Because radioactive materials are used, the safety of the systems is of critical importance, Ambrossi says. The units are encased in various layers, including a platinum alloy, which trap the americium while allowing heat to escape. The next phase of the program will focus on safety testing so that the Americium units can be certified for launch. Tests include, for example, examining the behavior of components at high temperatures and in the event of impacts, such as those that can occur in an explosion on a launch pad. This is to ensure that no radioactive material is released. “The components have to be able to withstand a whole range of very extreme scenarios,” says Ambrossi.
batteries on the moon
Once the development is complete, the same basic power system can be used for all missions where solar power is not available, says Veronique Verlet-Cavrois. This is the case, for example, during the lunar nights, which last 14 Earth days, and on expeditions to the solar system beyond Jupiter. China is used to surviving a harsh moonlit night Active lunar module Chang’e-4 Plutonium heating units built in cooperation with Russia.
The first goal of the European Space Agency for the deployment of americium power sources is the Argonaut lunar module, which is scheduled for launch in the early 2030s. Landgraf says that during the Argonaut missions, long studies should be carried out on the lunar surface and support the astronauts working there. Then, in the 2040s, the European Space Agency hopes to launch a mission to the ice giants Uranus and Neptune, says Verlette Cavrois. These planets are only seen during their flybys NASA’s Voyager 2 spacecraft Studied in the 1980s.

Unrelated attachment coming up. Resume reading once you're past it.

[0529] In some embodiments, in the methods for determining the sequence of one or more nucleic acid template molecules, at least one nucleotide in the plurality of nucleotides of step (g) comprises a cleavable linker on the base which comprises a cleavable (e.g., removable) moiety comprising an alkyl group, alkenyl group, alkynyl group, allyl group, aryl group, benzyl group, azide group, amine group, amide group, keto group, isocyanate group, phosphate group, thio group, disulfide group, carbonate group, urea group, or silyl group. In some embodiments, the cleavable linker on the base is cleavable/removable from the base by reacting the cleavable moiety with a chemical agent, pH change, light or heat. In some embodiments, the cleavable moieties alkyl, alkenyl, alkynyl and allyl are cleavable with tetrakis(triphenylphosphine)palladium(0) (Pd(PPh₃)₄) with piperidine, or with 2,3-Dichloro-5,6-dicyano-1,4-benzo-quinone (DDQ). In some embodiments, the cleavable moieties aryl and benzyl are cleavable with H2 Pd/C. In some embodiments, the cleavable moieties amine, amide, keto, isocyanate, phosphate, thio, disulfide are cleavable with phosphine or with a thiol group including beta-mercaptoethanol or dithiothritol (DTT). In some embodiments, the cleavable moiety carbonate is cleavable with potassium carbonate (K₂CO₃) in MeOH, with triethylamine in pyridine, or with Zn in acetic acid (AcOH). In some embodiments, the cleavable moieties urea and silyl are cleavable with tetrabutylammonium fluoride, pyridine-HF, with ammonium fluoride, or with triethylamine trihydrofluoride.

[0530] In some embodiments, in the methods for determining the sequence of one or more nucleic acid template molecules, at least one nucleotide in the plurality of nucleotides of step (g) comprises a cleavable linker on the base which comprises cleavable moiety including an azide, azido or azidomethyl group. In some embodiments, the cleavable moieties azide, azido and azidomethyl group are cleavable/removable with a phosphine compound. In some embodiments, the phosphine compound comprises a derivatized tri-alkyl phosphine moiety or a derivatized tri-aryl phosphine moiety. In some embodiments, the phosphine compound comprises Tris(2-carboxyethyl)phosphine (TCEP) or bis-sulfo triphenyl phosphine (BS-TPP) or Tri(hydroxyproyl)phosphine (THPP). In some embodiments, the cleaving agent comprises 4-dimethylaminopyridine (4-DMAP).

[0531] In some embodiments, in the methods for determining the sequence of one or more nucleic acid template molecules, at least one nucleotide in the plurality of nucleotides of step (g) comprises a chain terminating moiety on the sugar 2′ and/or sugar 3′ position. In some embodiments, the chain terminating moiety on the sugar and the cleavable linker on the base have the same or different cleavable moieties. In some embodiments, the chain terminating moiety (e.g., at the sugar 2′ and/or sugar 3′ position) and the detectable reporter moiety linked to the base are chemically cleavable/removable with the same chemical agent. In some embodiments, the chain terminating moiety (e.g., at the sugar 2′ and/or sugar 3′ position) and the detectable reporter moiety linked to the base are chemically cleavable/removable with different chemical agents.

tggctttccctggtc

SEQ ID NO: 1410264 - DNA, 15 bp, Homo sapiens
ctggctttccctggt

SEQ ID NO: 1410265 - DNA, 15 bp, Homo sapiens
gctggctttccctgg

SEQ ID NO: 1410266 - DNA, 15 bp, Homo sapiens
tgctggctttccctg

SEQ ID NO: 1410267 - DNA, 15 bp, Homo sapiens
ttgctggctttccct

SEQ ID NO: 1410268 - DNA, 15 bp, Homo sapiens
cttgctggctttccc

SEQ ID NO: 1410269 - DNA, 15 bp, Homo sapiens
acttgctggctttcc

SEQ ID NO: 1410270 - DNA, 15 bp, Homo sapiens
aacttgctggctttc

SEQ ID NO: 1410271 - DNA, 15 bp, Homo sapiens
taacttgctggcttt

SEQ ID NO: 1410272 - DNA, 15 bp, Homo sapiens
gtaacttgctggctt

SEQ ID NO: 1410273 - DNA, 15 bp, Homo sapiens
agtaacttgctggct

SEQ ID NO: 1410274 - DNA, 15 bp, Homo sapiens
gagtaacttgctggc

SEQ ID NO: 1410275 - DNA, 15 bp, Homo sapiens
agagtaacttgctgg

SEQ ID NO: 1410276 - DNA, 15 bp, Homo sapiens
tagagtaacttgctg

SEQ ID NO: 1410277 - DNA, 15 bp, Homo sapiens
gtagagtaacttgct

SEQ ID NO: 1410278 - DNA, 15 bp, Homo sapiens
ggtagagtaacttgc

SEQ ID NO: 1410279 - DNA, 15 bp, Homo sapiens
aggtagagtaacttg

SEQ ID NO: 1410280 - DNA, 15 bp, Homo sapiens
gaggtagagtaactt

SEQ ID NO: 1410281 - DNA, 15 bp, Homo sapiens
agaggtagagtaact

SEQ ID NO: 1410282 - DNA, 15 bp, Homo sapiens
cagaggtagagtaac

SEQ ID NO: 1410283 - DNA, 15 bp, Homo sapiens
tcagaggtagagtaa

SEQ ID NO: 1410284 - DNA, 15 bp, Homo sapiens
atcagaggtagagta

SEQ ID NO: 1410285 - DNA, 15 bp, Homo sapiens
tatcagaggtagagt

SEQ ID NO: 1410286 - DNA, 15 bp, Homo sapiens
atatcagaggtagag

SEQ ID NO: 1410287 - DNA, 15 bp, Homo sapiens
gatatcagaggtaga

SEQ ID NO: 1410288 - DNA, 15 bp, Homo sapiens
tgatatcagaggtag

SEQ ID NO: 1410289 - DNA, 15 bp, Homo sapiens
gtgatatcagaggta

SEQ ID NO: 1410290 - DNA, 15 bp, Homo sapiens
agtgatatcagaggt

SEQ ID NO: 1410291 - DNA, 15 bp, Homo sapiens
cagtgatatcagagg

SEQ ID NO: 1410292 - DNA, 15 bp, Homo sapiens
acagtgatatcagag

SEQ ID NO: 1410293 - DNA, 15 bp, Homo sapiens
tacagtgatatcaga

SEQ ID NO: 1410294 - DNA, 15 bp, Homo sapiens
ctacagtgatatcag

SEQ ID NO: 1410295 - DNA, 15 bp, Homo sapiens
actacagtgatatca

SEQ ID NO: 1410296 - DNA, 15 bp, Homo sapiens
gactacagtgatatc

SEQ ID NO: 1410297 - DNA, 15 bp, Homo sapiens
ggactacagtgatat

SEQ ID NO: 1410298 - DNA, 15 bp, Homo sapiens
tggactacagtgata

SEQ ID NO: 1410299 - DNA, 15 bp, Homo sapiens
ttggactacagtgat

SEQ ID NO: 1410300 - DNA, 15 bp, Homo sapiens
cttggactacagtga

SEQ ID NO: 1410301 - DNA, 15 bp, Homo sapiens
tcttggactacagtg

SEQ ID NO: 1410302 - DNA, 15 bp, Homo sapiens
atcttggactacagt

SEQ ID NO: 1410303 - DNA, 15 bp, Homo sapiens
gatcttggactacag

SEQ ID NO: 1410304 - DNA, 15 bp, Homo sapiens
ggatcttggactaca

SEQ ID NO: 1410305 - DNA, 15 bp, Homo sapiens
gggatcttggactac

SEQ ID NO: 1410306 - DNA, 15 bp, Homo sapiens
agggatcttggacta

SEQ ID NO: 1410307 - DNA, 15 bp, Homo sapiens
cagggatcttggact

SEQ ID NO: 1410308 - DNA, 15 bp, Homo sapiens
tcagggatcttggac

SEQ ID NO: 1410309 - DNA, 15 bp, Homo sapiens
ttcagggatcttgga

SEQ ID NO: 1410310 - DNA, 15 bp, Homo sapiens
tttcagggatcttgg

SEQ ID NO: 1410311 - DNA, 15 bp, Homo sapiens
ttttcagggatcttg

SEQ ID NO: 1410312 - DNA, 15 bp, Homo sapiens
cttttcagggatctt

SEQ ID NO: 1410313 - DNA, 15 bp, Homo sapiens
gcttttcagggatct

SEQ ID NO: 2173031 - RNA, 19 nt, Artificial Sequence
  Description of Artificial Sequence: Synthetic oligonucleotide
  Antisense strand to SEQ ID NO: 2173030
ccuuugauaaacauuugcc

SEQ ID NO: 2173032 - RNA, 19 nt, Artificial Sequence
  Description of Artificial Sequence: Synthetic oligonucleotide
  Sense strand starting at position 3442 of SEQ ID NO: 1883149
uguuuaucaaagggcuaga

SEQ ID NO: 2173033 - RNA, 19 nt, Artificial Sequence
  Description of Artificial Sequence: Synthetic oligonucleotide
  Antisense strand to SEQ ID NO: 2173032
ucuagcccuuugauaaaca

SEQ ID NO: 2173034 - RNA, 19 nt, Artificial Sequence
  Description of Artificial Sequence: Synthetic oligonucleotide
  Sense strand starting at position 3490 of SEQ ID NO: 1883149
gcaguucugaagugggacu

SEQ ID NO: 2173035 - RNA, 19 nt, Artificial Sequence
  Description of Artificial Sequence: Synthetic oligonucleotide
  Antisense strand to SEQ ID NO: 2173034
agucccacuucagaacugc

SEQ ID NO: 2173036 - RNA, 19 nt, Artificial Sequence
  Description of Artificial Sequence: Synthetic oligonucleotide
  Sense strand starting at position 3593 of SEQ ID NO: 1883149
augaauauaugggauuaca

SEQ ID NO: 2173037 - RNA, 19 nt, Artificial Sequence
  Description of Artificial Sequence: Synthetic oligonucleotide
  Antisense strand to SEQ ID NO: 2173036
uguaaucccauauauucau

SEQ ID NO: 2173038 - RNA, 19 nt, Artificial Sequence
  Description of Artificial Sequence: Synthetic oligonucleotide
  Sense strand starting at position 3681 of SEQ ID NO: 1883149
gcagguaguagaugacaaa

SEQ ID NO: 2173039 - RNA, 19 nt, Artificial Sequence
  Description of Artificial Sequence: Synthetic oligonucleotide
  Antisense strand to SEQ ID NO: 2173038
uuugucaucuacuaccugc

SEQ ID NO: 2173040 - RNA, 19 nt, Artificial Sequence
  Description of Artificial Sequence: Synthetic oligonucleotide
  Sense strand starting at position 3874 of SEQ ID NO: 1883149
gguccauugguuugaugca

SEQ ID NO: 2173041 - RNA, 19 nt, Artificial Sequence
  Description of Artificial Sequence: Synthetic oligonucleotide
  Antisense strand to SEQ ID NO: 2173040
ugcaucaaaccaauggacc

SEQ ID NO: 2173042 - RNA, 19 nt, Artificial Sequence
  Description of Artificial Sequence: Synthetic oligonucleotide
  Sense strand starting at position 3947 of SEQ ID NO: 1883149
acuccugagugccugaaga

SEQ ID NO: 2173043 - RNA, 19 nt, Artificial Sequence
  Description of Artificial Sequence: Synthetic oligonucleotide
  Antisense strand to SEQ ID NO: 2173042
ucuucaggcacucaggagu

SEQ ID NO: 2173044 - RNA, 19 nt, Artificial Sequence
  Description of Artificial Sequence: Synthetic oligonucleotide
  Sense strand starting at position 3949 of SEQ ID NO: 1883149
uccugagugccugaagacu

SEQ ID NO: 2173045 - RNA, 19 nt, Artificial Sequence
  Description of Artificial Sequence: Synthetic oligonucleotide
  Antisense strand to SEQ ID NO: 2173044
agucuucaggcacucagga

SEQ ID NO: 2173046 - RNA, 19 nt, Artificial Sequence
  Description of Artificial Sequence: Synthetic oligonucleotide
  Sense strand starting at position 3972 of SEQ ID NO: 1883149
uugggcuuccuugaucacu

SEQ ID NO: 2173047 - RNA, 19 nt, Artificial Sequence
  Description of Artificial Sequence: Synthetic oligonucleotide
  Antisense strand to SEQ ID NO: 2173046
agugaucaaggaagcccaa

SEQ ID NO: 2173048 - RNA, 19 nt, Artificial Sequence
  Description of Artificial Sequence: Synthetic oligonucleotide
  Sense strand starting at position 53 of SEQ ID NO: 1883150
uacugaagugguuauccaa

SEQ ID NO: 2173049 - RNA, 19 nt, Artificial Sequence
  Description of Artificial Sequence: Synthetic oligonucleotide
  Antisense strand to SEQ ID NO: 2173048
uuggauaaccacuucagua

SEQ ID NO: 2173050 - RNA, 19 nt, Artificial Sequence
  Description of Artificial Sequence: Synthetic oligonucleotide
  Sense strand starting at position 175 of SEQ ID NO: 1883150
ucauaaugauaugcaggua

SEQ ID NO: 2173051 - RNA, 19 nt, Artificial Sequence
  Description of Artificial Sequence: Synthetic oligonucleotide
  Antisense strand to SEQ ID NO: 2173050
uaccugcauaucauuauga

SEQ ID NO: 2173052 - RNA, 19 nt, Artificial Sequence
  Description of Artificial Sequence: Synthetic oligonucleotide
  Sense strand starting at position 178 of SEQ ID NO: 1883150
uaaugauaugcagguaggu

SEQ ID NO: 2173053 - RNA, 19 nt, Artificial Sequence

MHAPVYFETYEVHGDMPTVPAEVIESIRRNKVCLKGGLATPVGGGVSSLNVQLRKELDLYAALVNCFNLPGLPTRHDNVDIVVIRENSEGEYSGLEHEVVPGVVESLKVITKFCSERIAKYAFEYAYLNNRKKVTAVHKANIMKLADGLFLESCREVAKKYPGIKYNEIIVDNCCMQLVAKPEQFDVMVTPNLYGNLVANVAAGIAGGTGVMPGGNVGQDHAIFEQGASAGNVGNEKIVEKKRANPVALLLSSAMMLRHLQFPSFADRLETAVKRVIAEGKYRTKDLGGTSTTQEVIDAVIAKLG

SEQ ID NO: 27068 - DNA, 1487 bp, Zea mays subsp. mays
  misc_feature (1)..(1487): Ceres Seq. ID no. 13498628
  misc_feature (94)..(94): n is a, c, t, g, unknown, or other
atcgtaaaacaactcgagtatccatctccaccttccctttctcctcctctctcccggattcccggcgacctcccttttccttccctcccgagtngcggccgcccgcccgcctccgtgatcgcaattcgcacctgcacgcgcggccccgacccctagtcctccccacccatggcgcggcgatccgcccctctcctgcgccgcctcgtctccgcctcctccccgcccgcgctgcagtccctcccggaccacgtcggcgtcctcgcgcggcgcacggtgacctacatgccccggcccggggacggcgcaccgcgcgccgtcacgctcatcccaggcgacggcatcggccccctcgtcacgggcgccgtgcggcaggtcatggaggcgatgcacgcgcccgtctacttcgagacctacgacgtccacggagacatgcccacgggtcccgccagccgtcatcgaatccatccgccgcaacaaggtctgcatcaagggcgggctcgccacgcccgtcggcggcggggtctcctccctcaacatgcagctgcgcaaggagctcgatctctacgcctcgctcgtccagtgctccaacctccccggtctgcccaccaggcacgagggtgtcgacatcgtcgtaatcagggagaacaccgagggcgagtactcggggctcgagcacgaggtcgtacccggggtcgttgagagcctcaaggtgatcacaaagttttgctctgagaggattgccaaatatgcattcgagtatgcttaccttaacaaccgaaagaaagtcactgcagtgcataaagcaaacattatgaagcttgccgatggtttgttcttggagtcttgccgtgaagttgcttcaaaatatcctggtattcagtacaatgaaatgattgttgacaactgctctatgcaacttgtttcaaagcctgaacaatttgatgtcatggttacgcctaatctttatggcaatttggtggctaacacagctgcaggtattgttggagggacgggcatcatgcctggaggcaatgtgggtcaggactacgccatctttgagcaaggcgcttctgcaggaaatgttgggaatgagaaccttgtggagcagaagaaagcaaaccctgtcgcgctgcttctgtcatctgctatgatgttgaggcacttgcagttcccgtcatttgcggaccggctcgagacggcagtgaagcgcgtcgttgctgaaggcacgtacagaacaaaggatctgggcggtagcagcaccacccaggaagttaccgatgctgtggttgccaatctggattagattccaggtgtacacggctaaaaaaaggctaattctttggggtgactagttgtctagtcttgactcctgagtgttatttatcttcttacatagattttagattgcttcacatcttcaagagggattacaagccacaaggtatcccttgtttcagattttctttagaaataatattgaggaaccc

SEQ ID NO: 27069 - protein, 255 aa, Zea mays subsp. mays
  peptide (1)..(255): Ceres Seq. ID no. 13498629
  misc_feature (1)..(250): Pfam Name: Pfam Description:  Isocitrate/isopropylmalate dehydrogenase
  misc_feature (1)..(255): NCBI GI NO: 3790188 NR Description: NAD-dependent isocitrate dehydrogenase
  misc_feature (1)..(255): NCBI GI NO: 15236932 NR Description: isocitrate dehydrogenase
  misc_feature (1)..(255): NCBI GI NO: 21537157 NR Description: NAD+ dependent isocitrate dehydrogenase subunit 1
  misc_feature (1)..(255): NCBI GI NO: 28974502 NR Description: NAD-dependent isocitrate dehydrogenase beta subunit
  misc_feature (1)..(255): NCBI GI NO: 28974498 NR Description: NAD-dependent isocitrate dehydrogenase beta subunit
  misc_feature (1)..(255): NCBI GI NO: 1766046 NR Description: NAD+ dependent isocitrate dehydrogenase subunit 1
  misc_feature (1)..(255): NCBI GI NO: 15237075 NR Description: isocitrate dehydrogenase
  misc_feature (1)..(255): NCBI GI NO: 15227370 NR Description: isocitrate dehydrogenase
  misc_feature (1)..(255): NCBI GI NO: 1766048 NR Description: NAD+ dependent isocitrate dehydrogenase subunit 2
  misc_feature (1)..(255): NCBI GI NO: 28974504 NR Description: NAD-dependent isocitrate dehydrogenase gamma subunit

The fact that americium is so readily available, and plutonium-238 difficult to produce, makes it likely that NASA is also interested, says Marcus Landgraf. The authority is currently studying whether it will be able to produce enough RTGs for future missions. For the Artemis program, which aims for a long-term presence on the moon, “they think Americiumna is very interesting,” says Landgraf.
Richard Ambrossi explains that it took more than a decade of research to get the americium technology to the point where it could be further developed for use on actual missions. “The excitement is palpable at the moment. We have been working towards this moment for a very long time.”
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